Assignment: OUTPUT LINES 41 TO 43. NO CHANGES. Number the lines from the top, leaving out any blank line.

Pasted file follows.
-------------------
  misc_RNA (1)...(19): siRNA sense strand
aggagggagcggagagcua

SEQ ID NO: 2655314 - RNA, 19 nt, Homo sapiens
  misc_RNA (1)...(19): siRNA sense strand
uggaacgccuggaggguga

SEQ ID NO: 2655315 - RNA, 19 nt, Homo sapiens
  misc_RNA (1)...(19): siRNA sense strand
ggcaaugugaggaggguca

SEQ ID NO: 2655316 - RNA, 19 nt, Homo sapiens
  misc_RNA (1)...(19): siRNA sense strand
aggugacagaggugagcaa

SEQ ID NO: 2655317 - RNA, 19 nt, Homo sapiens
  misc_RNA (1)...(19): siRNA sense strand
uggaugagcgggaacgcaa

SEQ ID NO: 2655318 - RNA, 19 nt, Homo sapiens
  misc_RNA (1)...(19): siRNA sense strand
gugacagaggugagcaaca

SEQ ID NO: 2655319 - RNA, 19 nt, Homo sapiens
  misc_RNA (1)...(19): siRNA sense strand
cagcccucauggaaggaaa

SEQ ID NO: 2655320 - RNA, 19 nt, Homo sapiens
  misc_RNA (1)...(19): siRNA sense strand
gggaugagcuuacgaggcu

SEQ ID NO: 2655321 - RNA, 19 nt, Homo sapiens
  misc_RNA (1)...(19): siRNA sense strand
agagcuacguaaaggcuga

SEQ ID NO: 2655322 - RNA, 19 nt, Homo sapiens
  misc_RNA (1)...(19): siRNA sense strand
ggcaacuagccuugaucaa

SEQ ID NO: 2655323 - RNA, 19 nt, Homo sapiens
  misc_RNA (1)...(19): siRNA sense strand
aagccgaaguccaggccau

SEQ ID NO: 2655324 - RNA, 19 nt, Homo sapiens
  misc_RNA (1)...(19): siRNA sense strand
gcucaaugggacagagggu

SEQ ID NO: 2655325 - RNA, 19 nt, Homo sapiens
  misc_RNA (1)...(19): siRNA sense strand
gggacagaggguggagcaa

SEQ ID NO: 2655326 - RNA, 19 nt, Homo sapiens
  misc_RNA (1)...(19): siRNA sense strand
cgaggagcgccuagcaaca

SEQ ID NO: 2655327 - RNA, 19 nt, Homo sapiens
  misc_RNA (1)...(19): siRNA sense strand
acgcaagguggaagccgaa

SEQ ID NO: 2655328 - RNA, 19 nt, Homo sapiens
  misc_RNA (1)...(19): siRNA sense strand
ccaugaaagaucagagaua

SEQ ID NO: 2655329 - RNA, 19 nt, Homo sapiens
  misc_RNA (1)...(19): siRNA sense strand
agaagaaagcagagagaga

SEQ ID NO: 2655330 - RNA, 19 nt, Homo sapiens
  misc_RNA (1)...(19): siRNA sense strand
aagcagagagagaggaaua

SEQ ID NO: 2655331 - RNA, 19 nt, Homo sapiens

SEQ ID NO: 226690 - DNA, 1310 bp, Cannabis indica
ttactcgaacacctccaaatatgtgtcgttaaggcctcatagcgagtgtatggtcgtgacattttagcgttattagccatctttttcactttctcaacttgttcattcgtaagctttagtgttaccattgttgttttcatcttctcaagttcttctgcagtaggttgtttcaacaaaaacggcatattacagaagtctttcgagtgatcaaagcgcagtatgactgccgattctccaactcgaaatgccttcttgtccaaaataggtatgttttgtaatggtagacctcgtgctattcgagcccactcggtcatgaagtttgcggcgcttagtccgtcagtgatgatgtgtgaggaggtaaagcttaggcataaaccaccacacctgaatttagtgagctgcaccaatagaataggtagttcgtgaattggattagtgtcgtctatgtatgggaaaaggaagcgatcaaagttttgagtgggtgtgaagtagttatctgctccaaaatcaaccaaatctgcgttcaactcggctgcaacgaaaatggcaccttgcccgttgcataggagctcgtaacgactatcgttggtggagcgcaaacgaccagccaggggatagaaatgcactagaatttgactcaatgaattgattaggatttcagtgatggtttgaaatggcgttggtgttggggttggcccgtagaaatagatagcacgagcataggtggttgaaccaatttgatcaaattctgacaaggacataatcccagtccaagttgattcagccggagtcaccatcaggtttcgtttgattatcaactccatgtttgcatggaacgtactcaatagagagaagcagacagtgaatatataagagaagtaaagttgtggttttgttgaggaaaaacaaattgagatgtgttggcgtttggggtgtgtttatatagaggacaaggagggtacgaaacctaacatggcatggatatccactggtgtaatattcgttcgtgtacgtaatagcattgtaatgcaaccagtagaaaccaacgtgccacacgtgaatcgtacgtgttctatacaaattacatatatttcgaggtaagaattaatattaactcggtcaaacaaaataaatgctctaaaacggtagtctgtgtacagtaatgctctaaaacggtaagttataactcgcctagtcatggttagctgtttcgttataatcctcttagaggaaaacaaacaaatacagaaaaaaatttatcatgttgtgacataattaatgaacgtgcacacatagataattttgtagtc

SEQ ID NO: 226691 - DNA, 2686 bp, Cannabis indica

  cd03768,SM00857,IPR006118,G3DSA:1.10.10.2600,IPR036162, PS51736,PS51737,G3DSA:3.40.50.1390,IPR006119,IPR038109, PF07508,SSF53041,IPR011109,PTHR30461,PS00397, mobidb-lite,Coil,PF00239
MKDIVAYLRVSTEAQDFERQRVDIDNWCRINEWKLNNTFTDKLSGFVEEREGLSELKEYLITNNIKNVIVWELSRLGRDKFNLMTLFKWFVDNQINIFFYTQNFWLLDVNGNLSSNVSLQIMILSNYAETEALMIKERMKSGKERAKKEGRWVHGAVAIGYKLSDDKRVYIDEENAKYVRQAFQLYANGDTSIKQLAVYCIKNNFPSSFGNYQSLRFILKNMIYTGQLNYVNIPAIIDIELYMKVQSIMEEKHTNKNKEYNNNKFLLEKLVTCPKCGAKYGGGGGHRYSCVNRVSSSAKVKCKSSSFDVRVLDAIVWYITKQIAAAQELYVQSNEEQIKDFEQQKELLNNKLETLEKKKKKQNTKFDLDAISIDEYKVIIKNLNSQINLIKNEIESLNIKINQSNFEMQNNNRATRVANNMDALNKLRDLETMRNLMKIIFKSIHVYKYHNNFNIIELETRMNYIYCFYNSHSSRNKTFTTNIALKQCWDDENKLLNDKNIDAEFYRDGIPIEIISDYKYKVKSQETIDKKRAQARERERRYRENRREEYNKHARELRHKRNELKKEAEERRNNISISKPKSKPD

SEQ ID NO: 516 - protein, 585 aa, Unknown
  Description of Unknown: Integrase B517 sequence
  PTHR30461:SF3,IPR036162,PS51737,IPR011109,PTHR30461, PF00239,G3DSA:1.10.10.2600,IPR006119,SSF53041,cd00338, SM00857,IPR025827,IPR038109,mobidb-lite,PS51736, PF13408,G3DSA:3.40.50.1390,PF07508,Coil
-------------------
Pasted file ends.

cgaggagcgccuagcaaca

SEQ ID NO: 2655327 - RNA, 19 nt, Homo sapiens
  misc_RNA (1)...(19): siRNA sense strand